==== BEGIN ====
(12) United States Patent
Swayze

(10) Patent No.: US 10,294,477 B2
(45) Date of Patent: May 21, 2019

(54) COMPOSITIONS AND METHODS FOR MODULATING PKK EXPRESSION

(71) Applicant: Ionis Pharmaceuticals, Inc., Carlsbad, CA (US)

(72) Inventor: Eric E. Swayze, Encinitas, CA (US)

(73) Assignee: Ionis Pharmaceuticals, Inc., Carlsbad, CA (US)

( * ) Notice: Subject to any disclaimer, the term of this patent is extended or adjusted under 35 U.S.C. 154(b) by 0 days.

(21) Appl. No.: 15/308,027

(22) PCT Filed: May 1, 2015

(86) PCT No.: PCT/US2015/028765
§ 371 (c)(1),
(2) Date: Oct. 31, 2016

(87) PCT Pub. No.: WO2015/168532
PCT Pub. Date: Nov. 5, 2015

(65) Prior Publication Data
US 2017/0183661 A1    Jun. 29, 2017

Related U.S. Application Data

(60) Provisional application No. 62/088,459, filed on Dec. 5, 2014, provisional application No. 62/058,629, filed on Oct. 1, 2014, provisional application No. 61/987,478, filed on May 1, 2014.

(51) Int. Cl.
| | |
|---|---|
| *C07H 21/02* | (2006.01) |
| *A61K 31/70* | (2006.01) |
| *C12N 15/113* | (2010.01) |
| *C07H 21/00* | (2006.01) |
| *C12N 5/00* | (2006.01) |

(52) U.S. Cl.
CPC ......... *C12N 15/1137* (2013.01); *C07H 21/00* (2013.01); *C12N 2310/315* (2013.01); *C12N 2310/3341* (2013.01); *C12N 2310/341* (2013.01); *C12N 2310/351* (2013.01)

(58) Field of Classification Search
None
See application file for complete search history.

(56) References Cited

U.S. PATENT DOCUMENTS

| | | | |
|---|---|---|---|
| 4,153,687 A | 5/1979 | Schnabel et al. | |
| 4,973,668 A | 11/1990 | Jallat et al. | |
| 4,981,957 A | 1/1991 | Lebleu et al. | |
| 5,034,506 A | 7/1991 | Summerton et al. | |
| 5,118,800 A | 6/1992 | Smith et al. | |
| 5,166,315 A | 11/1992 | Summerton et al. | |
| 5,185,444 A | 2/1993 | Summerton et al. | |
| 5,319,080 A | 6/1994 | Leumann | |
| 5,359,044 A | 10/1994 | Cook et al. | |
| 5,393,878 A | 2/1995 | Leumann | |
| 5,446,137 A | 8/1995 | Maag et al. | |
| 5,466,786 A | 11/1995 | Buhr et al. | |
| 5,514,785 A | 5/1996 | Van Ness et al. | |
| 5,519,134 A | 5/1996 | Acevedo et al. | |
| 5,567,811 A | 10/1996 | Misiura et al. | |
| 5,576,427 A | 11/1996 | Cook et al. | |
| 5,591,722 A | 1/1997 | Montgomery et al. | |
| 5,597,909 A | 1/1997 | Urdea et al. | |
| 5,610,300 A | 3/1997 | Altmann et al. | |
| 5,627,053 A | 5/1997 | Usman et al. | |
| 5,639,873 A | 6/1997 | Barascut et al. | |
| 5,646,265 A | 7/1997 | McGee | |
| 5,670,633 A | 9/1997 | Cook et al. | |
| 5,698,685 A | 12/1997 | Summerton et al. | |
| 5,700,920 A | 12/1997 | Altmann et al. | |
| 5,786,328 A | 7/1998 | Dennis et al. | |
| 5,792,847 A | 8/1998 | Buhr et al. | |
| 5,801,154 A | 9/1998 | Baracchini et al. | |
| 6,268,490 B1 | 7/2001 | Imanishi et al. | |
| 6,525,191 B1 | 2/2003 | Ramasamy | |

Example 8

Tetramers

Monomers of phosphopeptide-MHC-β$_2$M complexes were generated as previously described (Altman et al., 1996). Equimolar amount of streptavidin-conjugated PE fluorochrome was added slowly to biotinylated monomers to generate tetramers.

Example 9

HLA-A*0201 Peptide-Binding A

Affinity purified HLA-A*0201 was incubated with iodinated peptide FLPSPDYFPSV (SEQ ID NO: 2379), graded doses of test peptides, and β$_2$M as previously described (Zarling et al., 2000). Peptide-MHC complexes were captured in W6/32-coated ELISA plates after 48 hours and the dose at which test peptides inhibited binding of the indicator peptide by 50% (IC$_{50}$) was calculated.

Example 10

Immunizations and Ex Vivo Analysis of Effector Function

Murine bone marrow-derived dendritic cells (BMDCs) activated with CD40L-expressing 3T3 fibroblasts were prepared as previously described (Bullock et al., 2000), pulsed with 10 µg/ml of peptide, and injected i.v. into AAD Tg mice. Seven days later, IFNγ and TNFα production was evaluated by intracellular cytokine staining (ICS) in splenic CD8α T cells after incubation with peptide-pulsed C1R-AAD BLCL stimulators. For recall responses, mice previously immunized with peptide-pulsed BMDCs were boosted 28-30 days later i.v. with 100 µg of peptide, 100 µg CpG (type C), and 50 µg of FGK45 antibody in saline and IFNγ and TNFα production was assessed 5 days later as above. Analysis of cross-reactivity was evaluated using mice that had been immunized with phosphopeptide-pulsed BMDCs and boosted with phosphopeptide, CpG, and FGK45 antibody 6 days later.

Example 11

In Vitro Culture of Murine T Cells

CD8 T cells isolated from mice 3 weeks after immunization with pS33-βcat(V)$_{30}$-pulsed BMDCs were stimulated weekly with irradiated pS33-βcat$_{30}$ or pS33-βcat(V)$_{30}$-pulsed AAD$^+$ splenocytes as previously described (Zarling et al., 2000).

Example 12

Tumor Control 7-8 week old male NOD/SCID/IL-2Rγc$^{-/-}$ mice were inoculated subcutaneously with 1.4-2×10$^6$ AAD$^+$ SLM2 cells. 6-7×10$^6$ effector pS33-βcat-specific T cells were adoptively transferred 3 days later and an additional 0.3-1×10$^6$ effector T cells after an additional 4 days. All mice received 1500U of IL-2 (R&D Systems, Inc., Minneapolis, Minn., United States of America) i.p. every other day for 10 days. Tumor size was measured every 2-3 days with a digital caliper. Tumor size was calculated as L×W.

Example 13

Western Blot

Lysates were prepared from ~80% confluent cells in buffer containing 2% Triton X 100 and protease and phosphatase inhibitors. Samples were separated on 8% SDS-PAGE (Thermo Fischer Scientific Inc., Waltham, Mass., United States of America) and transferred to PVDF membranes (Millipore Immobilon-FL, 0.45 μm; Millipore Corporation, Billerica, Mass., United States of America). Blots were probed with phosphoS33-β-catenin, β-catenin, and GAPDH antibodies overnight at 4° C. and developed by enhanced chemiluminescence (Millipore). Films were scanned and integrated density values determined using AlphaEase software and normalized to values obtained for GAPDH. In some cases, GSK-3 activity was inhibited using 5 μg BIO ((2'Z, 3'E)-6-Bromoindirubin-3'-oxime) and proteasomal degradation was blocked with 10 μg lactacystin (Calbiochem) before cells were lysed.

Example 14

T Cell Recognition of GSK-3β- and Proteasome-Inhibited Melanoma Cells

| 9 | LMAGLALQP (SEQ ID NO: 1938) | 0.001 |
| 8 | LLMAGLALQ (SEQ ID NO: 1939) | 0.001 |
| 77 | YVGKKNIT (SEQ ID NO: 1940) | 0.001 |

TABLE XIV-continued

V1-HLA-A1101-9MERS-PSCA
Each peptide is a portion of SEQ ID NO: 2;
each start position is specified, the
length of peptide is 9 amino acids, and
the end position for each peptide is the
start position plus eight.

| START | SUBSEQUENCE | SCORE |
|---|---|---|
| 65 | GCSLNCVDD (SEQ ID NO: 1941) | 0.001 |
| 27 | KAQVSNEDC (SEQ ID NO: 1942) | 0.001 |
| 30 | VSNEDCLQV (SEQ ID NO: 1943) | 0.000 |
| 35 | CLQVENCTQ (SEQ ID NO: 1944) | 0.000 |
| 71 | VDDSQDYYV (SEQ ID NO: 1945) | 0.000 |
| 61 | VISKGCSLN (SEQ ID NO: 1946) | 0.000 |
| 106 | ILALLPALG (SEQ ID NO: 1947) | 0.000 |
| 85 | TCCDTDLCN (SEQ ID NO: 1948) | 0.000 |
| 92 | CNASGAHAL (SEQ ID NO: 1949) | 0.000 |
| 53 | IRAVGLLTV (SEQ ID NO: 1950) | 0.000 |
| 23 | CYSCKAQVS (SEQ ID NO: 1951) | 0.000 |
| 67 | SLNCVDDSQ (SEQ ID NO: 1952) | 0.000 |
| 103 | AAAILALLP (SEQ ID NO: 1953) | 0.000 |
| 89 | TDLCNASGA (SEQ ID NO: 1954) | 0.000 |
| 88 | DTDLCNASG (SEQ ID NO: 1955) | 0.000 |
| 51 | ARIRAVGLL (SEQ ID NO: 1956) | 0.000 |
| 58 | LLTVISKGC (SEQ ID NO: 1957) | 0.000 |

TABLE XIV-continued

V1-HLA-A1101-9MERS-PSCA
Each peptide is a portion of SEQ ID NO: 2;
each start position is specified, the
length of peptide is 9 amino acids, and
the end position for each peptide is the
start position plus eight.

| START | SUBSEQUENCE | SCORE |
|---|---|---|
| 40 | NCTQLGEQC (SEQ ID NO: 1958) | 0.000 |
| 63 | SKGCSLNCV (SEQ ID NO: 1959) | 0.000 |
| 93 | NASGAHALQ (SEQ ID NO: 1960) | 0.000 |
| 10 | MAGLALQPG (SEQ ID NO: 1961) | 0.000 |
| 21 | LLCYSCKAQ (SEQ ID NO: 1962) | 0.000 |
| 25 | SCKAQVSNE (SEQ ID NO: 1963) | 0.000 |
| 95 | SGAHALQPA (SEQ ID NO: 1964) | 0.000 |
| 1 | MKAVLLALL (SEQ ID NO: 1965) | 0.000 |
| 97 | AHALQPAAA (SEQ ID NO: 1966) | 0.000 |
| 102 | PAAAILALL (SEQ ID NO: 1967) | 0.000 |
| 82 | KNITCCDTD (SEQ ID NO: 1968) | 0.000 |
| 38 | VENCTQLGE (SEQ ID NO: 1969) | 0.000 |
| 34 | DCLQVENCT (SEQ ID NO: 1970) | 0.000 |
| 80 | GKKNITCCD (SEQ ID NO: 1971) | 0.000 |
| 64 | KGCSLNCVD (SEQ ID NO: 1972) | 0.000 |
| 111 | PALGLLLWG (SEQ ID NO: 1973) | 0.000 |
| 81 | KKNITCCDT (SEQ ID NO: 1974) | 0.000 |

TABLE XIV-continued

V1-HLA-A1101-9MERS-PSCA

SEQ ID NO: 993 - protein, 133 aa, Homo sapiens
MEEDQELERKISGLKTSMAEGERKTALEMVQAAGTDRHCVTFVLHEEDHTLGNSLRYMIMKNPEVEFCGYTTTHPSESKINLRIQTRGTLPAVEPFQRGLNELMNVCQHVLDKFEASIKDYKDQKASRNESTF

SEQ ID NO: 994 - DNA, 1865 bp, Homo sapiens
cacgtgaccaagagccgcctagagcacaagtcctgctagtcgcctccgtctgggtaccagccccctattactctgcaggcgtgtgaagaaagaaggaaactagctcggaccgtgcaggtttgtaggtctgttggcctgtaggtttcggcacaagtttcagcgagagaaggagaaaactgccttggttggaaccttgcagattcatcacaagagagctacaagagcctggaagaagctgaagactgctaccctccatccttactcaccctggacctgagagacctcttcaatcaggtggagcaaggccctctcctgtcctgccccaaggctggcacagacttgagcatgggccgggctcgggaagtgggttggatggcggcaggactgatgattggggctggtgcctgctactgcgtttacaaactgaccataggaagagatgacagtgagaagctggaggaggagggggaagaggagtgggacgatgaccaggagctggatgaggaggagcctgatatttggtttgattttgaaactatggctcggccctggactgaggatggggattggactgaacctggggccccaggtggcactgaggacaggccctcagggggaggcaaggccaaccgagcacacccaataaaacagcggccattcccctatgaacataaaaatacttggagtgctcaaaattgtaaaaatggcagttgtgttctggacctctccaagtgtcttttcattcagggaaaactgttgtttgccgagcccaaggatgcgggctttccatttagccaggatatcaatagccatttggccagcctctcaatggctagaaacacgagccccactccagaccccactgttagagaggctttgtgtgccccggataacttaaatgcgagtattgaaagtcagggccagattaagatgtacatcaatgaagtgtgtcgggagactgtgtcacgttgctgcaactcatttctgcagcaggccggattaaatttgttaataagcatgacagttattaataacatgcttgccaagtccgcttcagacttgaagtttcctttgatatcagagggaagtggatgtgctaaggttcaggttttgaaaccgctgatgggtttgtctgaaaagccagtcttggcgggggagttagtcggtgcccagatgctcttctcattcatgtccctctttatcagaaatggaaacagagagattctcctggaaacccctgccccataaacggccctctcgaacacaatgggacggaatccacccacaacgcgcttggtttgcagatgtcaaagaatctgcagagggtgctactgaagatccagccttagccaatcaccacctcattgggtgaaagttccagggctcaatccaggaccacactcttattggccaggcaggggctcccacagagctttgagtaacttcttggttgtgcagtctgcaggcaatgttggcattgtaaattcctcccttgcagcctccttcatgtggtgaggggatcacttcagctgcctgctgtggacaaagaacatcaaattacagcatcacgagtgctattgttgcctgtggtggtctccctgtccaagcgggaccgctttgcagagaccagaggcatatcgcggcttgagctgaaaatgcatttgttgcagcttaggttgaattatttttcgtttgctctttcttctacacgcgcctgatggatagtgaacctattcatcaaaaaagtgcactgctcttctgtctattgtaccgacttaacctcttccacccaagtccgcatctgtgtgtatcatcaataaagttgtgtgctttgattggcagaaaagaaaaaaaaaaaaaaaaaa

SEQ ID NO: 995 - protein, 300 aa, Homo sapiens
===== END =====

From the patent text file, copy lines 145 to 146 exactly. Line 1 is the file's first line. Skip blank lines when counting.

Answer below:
MEEDQELERKISGLKTSMAEGERKTALEMVQAAGTDRHCVTFVLHEEDHTLGNSLRYMIMKNPEVEFCGYTTTHPSESKINLRIQTRGTLPAVEPFQRGLNELMNVCQHVLDKFEASIKDYKDQKASRNESTF

SEQ ID NO: 994 - DNA, 1865 bp, Homo sapiens